Why Do Canadians Outlive Americans?

Life expectancy for Canadians is a bit over two years longer than for Americans, and leftists like to point to this as evidence of the superiority Canada's single-payer health care system. I came across a paper comparing death rates of Canadians and Americans from different causes, which may shed some light on the issue. Key points:

  • Among whites, virtually all of the excess deaths came from circulatory diseases.
  • The rate of death from cancer for whites is lower in the US than in Canada. This may be due to the fact that Canadians smoked more than Americans until recently.
  • Rates of deaths among non-whites are higher in the US than in Canada for all causes except suicide, but this is arguably not a meaningful comparison due to the fact that most non-whites in Canada are Asian, while most non-whites in the US are black or Latino.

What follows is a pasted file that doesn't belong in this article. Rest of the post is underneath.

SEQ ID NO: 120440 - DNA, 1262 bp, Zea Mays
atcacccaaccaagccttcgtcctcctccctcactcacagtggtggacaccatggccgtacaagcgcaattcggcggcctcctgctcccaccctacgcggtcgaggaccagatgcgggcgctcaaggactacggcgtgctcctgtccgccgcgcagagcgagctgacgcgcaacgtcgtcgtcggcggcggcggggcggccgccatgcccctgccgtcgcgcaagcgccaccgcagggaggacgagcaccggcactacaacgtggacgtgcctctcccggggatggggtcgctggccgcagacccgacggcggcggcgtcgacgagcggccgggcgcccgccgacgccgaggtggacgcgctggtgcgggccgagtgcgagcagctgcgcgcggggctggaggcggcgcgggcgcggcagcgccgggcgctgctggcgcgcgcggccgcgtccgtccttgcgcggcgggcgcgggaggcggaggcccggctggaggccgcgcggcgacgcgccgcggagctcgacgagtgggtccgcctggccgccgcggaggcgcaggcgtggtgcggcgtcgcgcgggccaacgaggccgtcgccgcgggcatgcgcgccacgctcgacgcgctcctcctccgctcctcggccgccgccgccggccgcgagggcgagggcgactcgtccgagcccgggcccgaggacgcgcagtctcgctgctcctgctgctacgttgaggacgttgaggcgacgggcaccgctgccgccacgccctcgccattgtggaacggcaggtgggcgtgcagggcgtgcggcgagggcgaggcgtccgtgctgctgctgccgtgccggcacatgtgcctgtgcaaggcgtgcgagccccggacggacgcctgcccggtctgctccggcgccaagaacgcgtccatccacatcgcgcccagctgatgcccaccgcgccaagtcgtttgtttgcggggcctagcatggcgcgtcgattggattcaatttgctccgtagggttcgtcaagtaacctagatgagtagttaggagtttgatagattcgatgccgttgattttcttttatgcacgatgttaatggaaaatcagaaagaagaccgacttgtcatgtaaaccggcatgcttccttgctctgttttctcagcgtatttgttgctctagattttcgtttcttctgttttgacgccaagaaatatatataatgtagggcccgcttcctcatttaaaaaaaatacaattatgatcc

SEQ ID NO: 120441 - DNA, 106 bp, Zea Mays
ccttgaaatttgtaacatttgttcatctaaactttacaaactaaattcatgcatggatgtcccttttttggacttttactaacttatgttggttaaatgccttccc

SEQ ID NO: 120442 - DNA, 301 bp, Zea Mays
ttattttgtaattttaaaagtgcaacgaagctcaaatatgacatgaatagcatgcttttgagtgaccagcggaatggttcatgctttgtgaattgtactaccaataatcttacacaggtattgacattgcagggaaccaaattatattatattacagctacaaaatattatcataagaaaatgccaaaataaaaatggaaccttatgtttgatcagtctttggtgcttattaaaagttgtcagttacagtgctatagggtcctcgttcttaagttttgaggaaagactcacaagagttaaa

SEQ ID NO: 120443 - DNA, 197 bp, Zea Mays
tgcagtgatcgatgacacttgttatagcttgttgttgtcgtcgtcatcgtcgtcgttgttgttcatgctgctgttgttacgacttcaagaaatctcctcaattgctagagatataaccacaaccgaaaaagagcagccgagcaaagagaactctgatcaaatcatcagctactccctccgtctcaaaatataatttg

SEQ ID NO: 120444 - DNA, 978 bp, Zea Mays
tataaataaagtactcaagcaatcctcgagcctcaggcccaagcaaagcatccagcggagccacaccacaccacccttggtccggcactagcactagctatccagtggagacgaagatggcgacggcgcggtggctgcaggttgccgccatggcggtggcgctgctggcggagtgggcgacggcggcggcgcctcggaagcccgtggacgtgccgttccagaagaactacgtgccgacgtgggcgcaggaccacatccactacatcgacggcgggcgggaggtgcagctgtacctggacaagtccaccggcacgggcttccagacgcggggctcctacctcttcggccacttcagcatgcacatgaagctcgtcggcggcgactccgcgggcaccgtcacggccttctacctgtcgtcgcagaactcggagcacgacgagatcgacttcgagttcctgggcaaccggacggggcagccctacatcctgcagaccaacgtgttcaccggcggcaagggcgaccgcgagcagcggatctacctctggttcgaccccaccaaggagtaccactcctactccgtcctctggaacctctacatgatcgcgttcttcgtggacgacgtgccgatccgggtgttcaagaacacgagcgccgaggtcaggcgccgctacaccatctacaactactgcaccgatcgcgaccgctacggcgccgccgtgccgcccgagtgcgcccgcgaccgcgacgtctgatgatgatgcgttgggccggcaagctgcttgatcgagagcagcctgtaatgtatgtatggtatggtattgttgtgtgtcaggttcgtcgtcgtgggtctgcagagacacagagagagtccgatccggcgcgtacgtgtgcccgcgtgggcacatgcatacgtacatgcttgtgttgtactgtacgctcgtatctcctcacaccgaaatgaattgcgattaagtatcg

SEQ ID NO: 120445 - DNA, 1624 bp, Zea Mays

• Canadians with hypertension are less likely to receive treatment, or even to be aware of their condition, than Americans.
  • The authors argue point to greater prevalence of obesity in the US (28% of men and 34% of women) than in Canada (13% and 11%) as a likely contributor to the greater rate of death from circulatory diseases among Americans. (Since obesity rates are higher among blacks and Latinos than among whites, these figures probably overstate the difference in obesity rates among white Americans and Canadians.)

I've long suspected that demographic and lifestyle factors, and not our health care system, are the primary reasons for Americans' relatively low life expectancies, and this analysis seems to lend some support to that hypothesis. A good next step, if it hasn't already been done, would be to compare American and Canadian death rates after controlling for obesity, smoking, and race.

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